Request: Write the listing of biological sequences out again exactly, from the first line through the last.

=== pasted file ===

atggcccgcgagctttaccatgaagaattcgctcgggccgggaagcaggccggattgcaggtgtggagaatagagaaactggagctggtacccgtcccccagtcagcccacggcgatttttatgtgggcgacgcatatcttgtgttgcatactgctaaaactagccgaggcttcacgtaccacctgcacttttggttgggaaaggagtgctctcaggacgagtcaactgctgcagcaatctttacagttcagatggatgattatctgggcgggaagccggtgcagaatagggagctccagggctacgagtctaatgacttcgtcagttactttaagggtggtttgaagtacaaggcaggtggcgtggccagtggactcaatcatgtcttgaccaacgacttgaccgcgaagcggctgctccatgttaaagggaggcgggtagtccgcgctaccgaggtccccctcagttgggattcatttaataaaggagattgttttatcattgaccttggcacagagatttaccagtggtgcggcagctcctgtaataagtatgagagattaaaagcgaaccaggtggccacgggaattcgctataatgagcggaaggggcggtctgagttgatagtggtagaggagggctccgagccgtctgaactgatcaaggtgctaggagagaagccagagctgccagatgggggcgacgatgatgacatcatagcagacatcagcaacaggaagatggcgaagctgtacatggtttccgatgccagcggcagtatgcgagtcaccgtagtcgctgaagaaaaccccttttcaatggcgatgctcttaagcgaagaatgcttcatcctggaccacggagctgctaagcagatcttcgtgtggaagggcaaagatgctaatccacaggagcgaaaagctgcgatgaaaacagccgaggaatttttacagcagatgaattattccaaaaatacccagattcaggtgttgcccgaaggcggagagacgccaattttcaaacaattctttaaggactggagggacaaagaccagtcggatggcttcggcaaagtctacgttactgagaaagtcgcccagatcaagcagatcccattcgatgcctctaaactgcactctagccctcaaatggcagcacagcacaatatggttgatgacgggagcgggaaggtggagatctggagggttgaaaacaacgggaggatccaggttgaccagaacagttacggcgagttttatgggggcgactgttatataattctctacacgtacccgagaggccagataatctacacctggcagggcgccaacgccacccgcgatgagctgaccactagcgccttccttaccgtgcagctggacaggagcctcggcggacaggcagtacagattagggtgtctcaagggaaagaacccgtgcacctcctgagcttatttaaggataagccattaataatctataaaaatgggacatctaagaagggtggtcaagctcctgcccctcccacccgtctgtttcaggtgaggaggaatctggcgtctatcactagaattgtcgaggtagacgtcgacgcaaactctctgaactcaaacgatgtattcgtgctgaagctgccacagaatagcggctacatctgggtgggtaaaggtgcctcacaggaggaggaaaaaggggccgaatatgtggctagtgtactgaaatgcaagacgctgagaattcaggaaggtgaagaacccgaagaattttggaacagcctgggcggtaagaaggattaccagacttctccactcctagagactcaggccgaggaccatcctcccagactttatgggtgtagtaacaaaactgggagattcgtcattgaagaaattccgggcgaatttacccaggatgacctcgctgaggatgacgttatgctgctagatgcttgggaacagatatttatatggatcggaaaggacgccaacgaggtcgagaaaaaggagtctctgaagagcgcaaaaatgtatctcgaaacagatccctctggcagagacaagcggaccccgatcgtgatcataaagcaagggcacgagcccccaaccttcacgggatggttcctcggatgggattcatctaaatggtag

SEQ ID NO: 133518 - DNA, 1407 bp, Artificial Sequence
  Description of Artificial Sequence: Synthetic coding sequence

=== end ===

atggcccgcgagctttaccatgaagaattcgctcgggccgggaagcaggccggattgcaggtgtggagaatagagaaactggagctggtacccgtcccccagtcagcccacggcgatttttatgtgggcgacgcatatcttgtgttgcatactgctaaaactagccgaggcttcacgtaccacctgcacttttggttgggaaaggagtgctctcaggacgagtcaactgctgcagcaatctttacagttcagatggatgattatctgggcgggaagccggtgcagaatagggagctccagggctacgagtctaatgacttcgtcagttactttaagggtggtttgaagtacaaggcaggtggcgtggccagtggactcaatcatgtcttgaccaacgacttgaccgcgaagcggctgctccatgttaaagggaggcgggtagtccgcgctaccgaggtccccctcagttgggattcatttaataaaggagattgttttatcattgaccttggcacagagatttaccagtggtgcggcagctcctgtaataagtatgagagattaaaagcgaaccaggtggccacgggaattcgctataatgagcggaaggggcggtctgagttgatagtggtagaggagggctccgagccgtctgaactgatcaaggtgctaggagagaagccagagctgccagatgggggcgacgatgatgacatcatagcagacatcagcaacaggaagatggcgaagctgtacatggtttccgatgccagcggcagtatgcgagtcaccgtagtcgctgaagaaaaccccttttcaatggcgatgctcttaagcgaagaatgcttcatcctggaccacggagctgctaagcagatcttcgtgtggaagggcaaagatgctaatccacaggagcgaaaagctgcgatgaaaacagccgaggaatttttacagcagatgaattattccaaaaatacccagattcaggtgttgcccgaaggcggagagacgccaattttcaaacaattctttaaggactggagggacaaagaccagtcggatggcttcggcaaagtctacgttactgagaaagtcgcccagatcaagcagatcccattcgatgcctctaaactgcactctagccctcaaatggcagcacagcacaatatggttgatgacgggagcgggaaggtggagatctggagggttgaaaacaacgggaggatccaggttgaccagaacagttacggcgagttttatgggggcgactgttatataattctctacacgtacccgagaggccagataatctacacctggcagggcgccaacgccacccgcgatgagctgaccactagcgccttccttaccgtgcagctggacaggagcctcggcggacaggcagtacagattagggtgtctcaagggaaagaacccgtgcacctcctgagcttatttaaggataagccattaataatctataaaaatgggacatctaagaagggtggtcaagctcctgcccctcccacccgtctgtttcaggtgaggaggaatctggcgtctatcactagaattgtcgaggtagacgtcgacgcaaactctctgaactcaaacgatgtattcgtgctgaagctgccacagaatagcggctacatctgggtgggtaaaggtgcctcacaggaggaggaaaaaggggccgaatatgtggctagtgtactgaaatgcaagacgctgagaattcaggaaggtgaagaacccgaagaattttggaacagcctgggcggtaagaaggattaccagacttctccactcctagagactcaggccgaggaccatcctcccagactttatgggtgtagtaacaaaactgggagattcgtcattgaagaaattccgggcgaatttacccaggatgacctcgctgaggatgacgttatgctgctagatgcttgggaacagatatttatatggatcggaaaggacgccaacgaggtcgagaaaaaggagtctctgaagagcgcaaaaatgtatctcgaaacagatccctctggcagagacaagcggaccccgatcgtgatcataaagcaagggcacgagcccccaaccttcacgggatggttcctcggatgggattcatctaaatggtag

SEQ ID NO: 133518 - DNA, 1407 bp, Artificial Sequence
  Description of Artificial Sequence: Synthetic coding sequence